The Good: Character development, Acting is fine, New characters are laying the framework for a larger conflict, Metaphor
The Bad: Erratic special effects, The episode glosses over several characters/introduces elements that are needlessly complicated.
The Basics: In the second episode of True Blood’s sixth season, “The Sun” illustrates the weaknesses of having a massive cast and several characters who may have already effectively jumped the shark.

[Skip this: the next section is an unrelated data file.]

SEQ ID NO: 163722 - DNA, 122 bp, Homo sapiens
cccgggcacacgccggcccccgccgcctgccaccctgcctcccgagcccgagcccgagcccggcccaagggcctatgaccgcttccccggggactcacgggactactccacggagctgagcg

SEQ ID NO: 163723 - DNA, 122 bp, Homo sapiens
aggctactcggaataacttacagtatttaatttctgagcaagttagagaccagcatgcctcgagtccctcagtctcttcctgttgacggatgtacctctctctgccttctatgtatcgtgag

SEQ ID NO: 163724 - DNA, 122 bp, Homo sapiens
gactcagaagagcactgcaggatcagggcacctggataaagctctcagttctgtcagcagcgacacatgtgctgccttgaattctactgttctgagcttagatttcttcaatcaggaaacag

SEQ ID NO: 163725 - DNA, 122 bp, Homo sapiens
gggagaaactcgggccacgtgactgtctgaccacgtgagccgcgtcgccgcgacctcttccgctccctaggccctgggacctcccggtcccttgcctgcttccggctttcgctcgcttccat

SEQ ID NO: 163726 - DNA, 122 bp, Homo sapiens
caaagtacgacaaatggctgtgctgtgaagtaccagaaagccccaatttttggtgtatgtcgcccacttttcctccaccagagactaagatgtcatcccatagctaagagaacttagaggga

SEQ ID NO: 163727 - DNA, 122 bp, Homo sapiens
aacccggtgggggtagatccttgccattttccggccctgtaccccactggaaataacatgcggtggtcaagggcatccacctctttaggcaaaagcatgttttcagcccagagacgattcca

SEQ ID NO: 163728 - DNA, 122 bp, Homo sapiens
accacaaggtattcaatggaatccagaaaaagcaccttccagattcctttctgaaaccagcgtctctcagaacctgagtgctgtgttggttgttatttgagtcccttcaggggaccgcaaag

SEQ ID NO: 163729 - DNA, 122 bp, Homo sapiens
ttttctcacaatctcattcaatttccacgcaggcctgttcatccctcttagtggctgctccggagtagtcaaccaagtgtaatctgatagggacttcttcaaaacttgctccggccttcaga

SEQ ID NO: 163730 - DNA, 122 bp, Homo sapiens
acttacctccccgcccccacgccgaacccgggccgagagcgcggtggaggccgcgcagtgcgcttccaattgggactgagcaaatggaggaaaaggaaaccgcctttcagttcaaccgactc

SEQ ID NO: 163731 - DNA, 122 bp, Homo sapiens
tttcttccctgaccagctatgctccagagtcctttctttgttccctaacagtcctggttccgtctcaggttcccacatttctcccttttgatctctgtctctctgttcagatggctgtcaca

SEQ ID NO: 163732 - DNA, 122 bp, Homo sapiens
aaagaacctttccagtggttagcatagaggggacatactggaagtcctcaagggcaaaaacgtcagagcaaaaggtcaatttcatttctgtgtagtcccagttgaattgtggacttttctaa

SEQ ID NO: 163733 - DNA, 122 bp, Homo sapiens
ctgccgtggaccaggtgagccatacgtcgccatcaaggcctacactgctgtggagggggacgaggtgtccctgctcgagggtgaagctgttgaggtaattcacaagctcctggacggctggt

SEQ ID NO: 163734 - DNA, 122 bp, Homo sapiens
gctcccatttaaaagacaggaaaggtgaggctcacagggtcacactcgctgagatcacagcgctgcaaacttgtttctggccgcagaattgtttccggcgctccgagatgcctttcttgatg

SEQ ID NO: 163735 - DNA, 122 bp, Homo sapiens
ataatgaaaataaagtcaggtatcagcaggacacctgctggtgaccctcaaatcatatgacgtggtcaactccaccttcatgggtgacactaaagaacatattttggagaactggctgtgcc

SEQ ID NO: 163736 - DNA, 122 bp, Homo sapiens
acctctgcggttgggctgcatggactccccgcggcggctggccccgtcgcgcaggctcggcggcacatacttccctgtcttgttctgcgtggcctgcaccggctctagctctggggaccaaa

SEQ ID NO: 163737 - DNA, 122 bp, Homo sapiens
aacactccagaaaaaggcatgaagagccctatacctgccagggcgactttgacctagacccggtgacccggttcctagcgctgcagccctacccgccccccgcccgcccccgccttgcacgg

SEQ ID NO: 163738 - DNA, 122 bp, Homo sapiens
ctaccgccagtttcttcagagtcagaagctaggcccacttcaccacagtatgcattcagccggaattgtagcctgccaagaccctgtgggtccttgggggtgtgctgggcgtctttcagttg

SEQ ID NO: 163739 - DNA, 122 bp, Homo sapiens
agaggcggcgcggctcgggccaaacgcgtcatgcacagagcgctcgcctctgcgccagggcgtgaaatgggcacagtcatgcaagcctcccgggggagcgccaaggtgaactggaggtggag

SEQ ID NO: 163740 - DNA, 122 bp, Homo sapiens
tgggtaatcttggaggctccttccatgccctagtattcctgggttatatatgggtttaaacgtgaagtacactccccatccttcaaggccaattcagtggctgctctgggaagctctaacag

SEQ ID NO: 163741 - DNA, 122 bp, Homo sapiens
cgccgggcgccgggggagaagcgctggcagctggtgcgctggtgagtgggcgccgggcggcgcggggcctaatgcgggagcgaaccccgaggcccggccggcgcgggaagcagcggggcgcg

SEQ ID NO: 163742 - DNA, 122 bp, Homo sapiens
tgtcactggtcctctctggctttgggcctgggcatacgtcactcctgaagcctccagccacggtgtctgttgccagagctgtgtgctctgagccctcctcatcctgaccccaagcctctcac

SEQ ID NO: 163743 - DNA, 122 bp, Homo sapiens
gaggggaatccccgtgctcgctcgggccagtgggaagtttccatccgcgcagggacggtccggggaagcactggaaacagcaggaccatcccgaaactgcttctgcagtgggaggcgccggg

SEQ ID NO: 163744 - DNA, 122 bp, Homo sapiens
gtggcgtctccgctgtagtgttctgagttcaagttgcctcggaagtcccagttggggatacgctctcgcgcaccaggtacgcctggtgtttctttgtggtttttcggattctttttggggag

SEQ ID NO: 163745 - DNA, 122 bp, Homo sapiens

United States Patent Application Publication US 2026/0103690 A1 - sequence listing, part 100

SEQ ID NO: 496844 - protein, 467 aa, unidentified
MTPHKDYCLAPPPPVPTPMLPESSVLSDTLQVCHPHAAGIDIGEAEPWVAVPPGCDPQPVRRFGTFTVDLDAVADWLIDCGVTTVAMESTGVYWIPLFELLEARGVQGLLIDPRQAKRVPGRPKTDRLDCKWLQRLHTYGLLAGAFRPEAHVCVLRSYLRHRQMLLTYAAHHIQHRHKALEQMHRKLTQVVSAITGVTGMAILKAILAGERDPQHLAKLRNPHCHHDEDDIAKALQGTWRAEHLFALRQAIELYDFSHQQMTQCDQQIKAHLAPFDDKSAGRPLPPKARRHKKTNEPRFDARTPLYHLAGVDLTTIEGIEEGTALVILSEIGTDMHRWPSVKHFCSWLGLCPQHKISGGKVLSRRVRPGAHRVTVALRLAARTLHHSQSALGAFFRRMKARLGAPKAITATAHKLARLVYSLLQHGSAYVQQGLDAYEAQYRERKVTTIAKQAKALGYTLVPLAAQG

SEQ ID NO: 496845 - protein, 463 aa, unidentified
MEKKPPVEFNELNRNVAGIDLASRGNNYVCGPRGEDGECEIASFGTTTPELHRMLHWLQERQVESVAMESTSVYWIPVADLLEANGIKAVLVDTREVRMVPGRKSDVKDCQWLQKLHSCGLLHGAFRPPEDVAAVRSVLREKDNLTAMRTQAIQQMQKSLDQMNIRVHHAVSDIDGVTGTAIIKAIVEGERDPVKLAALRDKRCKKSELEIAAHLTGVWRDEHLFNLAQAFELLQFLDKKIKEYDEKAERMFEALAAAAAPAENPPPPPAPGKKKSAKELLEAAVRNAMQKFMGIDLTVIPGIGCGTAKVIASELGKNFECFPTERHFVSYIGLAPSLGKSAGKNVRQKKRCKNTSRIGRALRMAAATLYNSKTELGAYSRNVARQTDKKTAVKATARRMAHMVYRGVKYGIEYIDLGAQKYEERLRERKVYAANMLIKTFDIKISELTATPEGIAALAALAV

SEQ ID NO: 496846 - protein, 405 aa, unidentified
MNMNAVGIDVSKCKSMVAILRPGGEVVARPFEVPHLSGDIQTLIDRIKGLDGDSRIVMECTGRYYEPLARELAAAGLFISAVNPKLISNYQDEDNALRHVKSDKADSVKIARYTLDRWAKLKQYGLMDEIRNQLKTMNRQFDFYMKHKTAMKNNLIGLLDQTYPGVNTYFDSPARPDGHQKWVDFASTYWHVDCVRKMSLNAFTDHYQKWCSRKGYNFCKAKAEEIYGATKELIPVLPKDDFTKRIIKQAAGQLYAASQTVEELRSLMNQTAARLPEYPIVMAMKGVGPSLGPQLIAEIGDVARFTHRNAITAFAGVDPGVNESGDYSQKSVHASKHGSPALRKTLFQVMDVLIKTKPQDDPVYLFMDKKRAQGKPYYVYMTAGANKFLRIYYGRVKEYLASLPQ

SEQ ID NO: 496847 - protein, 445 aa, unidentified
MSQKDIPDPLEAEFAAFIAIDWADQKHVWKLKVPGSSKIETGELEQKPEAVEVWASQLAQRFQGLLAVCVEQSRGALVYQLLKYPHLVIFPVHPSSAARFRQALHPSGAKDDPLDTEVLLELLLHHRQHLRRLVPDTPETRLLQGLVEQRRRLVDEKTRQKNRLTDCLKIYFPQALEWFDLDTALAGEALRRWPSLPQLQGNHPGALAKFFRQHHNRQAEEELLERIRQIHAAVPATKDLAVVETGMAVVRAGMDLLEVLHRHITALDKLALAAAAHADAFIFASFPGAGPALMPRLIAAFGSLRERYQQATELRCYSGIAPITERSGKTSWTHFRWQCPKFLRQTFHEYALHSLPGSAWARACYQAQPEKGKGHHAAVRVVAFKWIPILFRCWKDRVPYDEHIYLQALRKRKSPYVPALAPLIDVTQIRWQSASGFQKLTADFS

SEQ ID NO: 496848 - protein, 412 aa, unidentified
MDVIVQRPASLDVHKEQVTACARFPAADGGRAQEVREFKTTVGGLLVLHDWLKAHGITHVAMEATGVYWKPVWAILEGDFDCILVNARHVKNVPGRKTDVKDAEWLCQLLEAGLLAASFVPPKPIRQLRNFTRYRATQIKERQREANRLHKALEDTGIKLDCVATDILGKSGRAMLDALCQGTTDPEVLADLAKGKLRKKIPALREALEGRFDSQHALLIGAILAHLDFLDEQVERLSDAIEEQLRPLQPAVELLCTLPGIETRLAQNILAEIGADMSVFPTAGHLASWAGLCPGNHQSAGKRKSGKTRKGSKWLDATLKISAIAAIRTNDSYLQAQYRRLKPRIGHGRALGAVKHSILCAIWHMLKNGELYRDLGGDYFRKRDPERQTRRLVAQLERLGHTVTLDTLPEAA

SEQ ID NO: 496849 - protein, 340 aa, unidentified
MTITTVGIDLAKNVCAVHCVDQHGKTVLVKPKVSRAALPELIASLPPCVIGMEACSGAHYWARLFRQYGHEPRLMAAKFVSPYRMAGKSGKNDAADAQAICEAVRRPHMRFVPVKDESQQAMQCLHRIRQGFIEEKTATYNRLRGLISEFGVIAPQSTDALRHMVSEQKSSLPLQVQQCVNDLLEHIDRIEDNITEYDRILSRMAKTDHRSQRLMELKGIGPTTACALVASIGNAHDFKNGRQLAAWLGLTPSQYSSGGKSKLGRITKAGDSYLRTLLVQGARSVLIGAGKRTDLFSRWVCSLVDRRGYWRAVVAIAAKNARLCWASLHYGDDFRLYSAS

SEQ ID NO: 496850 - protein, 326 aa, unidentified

The problem with heavily-serialized television shows is that sometimes, the big picture can outweigh the individual components. In simpler terms, sometimes a season of good or great television needs an episode or two to rearrange the pieces (characters and settings) so the larger arc of the season makes sense. In soap operas, this is usually done on the fly and it is one of the prime reasons continuity usually sucks. With more considerately-created works, like True Blood, the readjustments have to happen in a way that will maintain the fan base (instead of pissing them off) and with respect to what has come before (and what is intended to come after). “The Sun” is one of those episodes where both very little happens and a lot occurs. Either way, in the long run, most of the characters remain pretty firmly rooted where they were at the beginning of the episode at the end (in the case of Pam and Tara, that is a literal thing as neither leaves the bar and LaFayette does not even leave Sam’s house).